The plastic material of which the body 12 is made facilitates relative circumferential sliding movement of the body 12 upon the sprinkler head 26 without damage to the head. This rotatable engagement is useful in maintaining the clipper 10 in proper position to clip a neat swath of grass around the periphery of the clipper sprinkler head.
Although the body 12 has been described as adapted for detachable mounting to the rotor 16, it is also envisioned that the bottom of the fish line reel (not shown) could be provided with locking means to detachably accept the body 12, if desired, in which case it would not be necessary to remove the fish-line reel before mounting the body 12 in operating position.
Various modifications and changes may be made with regard to the foregoing detailed description without departing from the spirit of the invention.
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|Citing Patent||Filing date||Publication date||Applicant||Title|
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|US20050039583 *||Aug 22, 2003||Feb 24, 2005||Jeg, Inc||Head cover trimming system|
|US20070101584 *||Oct 20, 2006||May 10, 2007||Mcnulty Edward||Head cover trimming system|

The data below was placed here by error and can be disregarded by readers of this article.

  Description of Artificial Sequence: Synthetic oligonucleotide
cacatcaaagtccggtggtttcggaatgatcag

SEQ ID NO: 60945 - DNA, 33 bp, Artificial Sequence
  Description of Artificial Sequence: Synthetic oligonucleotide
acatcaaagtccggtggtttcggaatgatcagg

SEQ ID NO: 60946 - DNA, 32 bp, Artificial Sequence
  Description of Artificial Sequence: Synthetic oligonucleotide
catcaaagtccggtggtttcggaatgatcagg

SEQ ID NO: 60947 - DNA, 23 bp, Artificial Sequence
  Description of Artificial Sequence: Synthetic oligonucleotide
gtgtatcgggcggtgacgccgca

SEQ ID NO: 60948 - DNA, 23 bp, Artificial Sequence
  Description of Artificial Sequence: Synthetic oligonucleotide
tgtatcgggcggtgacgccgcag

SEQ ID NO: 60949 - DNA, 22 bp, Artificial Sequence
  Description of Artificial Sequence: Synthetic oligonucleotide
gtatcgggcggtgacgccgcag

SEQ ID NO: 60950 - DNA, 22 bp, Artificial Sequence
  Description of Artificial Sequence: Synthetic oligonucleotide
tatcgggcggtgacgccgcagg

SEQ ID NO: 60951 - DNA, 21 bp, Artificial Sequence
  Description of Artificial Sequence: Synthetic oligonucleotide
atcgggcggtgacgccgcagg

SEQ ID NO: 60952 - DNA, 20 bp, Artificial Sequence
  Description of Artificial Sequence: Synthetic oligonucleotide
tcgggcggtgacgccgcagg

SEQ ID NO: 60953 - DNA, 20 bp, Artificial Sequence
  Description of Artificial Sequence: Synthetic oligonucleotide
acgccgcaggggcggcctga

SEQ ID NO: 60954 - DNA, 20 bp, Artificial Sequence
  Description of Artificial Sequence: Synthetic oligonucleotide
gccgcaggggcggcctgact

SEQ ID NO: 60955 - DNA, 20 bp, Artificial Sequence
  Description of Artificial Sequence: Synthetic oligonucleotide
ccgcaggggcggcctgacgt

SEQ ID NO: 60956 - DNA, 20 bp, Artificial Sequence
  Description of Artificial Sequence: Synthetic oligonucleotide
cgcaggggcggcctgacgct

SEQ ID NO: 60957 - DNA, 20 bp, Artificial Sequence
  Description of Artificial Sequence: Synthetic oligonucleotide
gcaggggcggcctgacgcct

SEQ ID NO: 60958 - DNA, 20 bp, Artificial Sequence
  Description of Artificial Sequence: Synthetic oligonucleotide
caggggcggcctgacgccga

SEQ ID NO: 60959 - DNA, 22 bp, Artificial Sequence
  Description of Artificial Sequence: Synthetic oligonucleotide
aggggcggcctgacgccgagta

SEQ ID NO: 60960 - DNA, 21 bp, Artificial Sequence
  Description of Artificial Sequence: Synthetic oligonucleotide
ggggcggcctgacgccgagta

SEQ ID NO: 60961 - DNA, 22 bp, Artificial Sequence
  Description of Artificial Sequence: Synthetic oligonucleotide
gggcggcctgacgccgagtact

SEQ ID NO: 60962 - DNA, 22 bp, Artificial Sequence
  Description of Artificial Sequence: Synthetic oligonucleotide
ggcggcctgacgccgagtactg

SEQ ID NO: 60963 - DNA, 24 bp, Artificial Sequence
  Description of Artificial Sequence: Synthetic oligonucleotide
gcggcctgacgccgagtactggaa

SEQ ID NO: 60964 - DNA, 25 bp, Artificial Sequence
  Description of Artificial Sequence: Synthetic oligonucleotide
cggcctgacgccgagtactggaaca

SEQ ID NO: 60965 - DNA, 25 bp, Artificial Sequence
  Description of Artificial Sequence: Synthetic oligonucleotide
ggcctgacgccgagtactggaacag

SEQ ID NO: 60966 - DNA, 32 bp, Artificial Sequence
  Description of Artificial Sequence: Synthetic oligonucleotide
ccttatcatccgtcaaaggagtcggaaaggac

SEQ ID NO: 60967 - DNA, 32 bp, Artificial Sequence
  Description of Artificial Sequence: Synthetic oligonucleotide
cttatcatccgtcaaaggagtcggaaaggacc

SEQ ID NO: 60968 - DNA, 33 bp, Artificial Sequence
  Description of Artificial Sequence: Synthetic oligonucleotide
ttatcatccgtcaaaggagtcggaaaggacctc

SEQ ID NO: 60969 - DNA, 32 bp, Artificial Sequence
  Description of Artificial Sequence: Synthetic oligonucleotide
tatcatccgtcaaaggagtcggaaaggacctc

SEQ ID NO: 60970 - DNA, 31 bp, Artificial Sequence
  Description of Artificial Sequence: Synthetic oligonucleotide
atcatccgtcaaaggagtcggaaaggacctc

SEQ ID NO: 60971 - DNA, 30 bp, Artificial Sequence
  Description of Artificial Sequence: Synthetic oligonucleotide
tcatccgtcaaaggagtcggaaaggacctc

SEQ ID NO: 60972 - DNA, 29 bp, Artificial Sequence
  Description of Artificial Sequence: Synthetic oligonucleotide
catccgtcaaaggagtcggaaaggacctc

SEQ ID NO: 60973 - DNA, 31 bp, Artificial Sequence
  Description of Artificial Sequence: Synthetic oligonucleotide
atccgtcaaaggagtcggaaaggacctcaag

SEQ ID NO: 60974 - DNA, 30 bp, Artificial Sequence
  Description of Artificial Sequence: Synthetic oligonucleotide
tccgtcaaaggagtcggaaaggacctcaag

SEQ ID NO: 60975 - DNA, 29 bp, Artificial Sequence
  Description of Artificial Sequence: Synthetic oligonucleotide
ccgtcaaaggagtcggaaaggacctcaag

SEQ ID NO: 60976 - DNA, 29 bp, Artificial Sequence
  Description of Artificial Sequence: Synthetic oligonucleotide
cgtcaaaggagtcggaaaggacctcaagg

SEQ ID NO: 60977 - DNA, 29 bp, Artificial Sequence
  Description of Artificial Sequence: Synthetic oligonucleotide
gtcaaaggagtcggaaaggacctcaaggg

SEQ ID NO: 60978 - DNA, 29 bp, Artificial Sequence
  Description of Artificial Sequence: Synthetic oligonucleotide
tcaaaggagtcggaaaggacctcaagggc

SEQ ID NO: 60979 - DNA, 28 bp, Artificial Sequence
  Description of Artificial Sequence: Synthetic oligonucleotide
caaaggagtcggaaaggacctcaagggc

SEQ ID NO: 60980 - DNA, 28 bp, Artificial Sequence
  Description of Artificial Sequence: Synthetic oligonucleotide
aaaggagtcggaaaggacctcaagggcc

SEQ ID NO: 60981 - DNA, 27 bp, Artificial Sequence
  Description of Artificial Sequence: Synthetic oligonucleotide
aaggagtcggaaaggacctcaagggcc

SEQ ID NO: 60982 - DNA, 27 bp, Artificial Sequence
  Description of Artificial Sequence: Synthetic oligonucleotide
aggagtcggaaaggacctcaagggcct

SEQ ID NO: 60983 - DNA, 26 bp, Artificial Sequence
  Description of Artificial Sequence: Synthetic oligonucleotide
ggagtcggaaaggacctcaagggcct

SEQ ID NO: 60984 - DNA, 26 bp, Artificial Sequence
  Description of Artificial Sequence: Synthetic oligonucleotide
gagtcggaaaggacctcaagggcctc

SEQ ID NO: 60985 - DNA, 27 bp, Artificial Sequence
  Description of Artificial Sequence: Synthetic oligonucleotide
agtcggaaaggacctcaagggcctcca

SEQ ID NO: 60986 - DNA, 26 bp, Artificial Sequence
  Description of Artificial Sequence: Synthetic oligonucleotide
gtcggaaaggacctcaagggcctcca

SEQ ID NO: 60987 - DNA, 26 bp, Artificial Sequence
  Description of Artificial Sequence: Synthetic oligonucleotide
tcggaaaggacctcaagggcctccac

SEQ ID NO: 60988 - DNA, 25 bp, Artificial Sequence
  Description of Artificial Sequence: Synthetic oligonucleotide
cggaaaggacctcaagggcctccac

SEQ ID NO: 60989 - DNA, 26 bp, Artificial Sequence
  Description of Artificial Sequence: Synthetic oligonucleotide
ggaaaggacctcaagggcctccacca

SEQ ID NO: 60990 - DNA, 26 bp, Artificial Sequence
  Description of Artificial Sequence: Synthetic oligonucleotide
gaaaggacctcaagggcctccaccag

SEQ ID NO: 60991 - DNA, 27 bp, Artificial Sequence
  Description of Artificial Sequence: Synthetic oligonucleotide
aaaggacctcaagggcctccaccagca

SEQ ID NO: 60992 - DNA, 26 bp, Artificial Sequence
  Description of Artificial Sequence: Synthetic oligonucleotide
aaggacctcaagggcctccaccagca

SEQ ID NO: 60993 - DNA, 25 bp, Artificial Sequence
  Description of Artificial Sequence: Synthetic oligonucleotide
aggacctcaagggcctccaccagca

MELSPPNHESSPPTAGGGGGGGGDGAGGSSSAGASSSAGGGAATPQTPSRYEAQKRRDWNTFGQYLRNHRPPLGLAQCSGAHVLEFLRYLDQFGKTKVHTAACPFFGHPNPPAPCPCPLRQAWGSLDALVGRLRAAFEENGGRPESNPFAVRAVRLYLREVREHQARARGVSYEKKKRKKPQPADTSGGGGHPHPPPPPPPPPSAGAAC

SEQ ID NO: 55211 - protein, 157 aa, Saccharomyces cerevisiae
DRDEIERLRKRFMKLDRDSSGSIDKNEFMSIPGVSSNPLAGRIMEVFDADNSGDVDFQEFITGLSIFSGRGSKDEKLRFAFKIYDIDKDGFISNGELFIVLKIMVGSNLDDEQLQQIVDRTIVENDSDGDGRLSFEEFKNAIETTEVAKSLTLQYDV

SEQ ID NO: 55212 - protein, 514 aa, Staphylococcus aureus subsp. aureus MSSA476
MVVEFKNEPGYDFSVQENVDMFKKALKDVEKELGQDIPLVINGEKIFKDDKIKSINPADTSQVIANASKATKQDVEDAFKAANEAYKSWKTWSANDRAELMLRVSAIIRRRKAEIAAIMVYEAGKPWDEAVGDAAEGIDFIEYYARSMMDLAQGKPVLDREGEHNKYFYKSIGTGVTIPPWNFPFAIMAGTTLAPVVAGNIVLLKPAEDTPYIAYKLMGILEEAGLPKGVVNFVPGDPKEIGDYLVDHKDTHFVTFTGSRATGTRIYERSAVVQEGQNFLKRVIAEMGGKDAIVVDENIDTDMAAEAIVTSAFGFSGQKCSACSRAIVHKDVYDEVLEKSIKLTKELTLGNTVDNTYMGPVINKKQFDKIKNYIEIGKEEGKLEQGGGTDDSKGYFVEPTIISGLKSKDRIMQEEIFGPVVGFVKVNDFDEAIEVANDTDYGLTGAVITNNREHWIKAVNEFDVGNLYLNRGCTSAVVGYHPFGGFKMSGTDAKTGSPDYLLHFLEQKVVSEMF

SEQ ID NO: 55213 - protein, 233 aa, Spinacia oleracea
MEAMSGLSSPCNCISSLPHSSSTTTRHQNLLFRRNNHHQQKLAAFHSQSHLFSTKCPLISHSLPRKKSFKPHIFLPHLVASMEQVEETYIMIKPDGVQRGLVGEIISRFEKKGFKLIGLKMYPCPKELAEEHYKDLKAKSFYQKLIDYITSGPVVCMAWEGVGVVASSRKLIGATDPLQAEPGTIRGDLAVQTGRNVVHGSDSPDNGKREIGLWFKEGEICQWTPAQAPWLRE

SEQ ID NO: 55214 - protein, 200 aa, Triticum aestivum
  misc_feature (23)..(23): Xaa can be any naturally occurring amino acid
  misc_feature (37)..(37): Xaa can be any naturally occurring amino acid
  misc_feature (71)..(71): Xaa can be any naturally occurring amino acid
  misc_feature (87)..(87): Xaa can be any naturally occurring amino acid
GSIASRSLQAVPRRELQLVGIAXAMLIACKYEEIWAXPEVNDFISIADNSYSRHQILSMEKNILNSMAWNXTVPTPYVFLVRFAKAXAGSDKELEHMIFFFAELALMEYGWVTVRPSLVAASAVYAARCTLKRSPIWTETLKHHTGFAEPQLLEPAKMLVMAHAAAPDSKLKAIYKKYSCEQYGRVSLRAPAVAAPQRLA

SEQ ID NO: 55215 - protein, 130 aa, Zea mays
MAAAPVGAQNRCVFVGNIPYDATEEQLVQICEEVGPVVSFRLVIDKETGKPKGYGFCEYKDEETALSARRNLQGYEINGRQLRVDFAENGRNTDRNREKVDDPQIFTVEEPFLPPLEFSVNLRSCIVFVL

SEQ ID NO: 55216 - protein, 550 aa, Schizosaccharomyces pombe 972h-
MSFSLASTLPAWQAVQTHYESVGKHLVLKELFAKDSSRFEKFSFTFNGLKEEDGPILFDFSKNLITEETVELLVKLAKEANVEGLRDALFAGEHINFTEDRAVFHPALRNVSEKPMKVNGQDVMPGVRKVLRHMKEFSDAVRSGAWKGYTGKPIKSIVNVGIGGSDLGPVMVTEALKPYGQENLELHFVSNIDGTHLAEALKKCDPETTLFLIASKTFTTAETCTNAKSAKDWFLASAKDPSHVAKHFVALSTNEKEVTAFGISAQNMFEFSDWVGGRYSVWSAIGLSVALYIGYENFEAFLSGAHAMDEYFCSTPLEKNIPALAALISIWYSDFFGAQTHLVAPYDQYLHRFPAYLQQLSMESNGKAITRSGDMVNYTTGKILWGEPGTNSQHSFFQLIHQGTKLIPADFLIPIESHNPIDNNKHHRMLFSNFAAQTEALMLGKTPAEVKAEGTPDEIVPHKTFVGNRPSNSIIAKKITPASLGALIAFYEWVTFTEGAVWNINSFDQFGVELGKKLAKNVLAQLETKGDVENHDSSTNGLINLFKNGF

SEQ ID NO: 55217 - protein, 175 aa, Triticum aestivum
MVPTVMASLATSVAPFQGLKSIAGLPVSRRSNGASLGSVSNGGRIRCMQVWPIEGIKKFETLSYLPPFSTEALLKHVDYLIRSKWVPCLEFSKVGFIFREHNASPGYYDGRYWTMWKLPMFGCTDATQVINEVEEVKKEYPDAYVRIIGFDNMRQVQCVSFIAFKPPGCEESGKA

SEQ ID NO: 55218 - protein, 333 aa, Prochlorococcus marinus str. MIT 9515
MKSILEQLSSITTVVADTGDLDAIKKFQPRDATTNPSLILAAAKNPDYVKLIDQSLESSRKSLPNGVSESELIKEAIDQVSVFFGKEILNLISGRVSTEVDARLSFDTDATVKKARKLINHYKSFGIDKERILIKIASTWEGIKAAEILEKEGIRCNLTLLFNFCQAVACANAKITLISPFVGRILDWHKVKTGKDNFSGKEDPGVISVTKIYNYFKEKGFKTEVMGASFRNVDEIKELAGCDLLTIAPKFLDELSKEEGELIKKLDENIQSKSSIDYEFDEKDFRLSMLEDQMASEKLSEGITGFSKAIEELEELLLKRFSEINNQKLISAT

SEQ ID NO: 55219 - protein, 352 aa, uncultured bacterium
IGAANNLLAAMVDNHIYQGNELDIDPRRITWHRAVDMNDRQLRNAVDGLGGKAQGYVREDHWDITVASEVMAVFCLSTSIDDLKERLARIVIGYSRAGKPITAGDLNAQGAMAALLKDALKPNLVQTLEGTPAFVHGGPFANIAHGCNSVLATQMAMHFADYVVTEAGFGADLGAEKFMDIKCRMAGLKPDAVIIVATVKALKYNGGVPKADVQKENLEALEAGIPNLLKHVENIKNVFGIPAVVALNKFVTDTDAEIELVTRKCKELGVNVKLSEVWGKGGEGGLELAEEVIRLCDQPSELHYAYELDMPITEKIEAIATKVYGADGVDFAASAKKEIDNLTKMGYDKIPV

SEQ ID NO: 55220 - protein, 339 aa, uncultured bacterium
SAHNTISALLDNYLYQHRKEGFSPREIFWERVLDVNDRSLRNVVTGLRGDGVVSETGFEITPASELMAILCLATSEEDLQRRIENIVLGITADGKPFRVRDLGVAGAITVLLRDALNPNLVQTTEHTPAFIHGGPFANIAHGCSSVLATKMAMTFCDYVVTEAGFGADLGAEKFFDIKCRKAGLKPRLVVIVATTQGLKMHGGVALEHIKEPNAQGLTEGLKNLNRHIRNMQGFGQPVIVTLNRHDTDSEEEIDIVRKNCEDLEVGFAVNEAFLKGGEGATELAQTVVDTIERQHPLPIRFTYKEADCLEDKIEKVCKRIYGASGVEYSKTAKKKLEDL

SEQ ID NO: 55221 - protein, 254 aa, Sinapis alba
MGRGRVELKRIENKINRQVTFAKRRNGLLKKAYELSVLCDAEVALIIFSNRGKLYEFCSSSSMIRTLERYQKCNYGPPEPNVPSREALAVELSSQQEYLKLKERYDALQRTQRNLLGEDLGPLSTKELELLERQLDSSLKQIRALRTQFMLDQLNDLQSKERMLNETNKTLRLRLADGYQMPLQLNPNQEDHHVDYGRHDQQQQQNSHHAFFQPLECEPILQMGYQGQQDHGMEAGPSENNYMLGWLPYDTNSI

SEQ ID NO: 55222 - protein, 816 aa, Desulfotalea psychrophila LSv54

|USD739090 *||Dec 16, 2014||Sep 15, 2015||Banks Outdoors Corporation||Animal watering tank|
|USD739091 *||Dec 16, 2014||Sep 15, 2015||Banks Outdoors Corporation||Stump watering tank|
|WO1997039615A1 *||Apr 9, 1997||Oct 30, 1997||John Stanley Body||Device and method for grass cutting|
|U.S. Classification||30/122, 30/276, 30/302|
|International Classification||A01D34/84, A01D34/416|
|Cooperative Classification||A01D34/84, A01D34/416|
|European Classification||A01D34/416, A01D34/84|
|Jun 11, 1986||REMI||Maintenance fee reminder mailed|
|Nov 9, 1986||LAPS||Lapse for failure to pay maintenance fees|
|Dec 10, 1986||REMI||Maintenance fee reminder mailed|
|Jan 27, 1987||FP||Expired due to failure to pay maintenance fee|
Effective date: 19861109